Pending regional review, Premier Mario Monti's government is moving to dissolve 64 provincial governments—63 per cent of the current 107 provinces—as part of a 26 billion euro "spending review" package.
The majority of regions have retained three to five provinces, primarily around urban areas. Any province with fewer than 350.000 residents and 2.500 square kilometres is slated to be cut in a move that has been due for many years because of redundancies between municipal, provincial and regional governments.
Ten of the remaining provinces are planned to be transformed into metropolitan areas on the first of January in 2014, including Florence, Milan, Naples, Rome, and Venice.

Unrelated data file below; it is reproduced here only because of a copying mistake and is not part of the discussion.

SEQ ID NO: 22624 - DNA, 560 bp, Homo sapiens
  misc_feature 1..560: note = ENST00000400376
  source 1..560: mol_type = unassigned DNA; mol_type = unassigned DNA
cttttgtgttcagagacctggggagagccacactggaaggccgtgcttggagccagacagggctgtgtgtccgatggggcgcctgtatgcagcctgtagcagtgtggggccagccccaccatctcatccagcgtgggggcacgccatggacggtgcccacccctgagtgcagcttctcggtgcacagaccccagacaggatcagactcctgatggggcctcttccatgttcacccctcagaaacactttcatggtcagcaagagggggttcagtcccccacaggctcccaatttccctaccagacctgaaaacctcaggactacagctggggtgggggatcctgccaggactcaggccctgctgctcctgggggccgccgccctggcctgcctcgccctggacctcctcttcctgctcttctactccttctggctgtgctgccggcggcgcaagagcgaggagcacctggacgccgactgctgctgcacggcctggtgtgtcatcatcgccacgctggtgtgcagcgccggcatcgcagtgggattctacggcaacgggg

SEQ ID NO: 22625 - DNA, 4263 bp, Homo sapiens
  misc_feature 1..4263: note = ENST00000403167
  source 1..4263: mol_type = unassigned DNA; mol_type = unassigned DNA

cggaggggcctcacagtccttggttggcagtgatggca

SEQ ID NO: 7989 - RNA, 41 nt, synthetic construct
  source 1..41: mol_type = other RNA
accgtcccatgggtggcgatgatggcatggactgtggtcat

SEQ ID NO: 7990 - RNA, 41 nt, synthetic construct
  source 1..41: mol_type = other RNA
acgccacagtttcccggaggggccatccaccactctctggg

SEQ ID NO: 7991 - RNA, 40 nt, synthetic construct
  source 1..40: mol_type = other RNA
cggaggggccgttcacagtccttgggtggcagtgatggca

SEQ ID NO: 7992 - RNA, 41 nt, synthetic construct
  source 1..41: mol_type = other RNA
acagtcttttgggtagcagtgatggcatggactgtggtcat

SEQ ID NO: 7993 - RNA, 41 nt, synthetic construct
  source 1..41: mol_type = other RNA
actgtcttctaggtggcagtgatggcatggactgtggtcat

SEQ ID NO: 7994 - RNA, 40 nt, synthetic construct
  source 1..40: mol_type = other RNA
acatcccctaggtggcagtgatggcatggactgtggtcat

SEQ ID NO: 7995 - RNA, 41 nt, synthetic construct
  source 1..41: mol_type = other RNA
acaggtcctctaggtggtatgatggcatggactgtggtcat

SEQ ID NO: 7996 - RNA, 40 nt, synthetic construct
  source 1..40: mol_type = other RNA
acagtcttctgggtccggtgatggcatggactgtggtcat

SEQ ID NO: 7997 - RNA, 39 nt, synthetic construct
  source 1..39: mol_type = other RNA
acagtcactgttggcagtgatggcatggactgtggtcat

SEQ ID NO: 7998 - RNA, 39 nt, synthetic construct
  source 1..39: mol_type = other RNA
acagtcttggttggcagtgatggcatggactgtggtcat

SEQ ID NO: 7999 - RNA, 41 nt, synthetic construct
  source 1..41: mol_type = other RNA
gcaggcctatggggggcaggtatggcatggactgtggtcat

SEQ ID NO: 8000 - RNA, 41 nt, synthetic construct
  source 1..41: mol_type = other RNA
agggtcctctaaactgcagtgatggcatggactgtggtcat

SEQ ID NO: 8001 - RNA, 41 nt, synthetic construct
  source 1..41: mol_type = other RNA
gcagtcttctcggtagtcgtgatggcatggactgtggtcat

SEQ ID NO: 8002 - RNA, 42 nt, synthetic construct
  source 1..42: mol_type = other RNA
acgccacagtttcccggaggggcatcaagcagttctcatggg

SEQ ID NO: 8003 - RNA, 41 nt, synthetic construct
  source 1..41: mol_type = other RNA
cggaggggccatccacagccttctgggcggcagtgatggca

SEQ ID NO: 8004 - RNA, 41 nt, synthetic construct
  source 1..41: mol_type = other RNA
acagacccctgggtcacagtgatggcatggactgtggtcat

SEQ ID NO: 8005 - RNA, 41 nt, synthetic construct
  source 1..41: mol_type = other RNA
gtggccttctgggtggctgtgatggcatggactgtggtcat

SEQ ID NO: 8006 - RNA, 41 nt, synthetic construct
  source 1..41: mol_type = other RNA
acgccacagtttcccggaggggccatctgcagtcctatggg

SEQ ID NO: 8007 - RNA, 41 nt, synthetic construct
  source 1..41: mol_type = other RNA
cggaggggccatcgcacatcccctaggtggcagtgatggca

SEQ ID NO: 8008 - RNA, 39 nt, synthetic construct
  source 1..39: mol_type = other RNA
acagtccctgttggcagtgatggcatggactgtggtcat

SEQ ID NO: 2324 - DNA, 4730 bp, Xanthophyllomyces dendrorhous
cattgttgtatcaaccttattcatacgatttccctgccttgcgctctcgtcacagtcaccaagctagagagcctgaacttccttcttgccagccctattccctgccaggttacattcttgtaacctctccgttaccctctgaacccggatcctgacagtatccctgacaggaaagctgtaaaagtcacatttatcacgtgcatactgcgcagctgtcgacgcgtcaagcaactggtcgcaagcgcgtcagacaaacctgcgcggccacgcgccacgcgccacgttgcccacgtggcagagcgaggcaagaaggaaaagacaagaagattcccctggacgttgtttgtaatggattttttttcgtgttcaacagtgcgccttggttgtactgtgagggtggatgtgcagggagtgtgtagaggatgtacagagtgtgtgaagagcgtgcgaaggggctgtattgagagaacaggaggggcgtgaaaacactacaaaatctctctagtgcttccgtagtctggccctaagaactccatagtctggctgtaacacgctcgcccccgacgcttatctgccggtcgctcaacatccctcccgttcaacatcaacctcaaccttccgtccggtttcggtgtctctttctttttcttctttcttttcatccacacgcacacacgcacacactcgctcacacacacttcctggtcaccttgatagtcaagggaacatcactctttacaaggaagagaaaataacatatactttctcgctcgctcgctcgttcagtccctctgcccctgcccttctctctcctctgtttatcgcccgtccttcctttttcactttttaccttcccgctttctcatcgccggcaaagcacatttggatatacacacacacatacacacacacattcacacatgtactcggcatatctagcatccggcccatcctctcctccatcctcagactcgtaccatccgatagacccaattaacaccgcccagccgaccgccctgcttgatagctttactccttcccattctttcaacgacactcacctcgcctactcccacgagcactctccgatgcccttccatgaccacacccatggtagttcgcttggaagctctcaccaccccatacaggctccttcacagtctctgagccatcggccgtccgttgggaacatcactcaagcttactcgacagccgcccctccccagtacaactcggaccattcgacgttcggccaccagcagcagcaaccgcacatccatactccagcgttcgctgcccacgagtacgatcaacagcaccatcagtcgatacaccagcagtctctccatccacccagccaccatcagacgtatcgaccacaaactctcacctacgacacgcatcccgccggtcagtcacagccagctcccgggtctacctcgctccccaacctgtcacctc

In five regions, only one province remains. Tuscany will lose nine of its current ten provinces, keeping only Florence, while Sardinia sheds seven provinces, leaving only Cagliari. Umbria will be left with only Perugia, Molise with Campobasso, and Basilicata with Potenza.
Major cities in northern Italy, including Turin, Cuneo, and Alexandria in Piedmont; Milan, Brescia, Bergamo, and Pavia in Lombardy; Venice, Verona, and Vicenza in the Veneto; and Bologna, Parma, Modena, and Ferrara in Emilia Romagna, have maintained their provincial governments.
In the south, Campania has kept all but Benevento and Calabria all but Crotone and Vibo Valentia. Sicily and Puglia will both lose half their provinces, with Sicily keeping Palermo, Agrigento, Catania, and Messina, and Puglia retaining Bari, Foggia, and Lecce.
Five regions will retain only two of their provinces, with Genoa and La Spezia remaining in Liguria, Ancona Pesaro and Urbino in Le Marche, Rome and Frosinone in Lazio, L'Aquila and Chieti in Abruzzo, and Trieste and Udine in Friuli.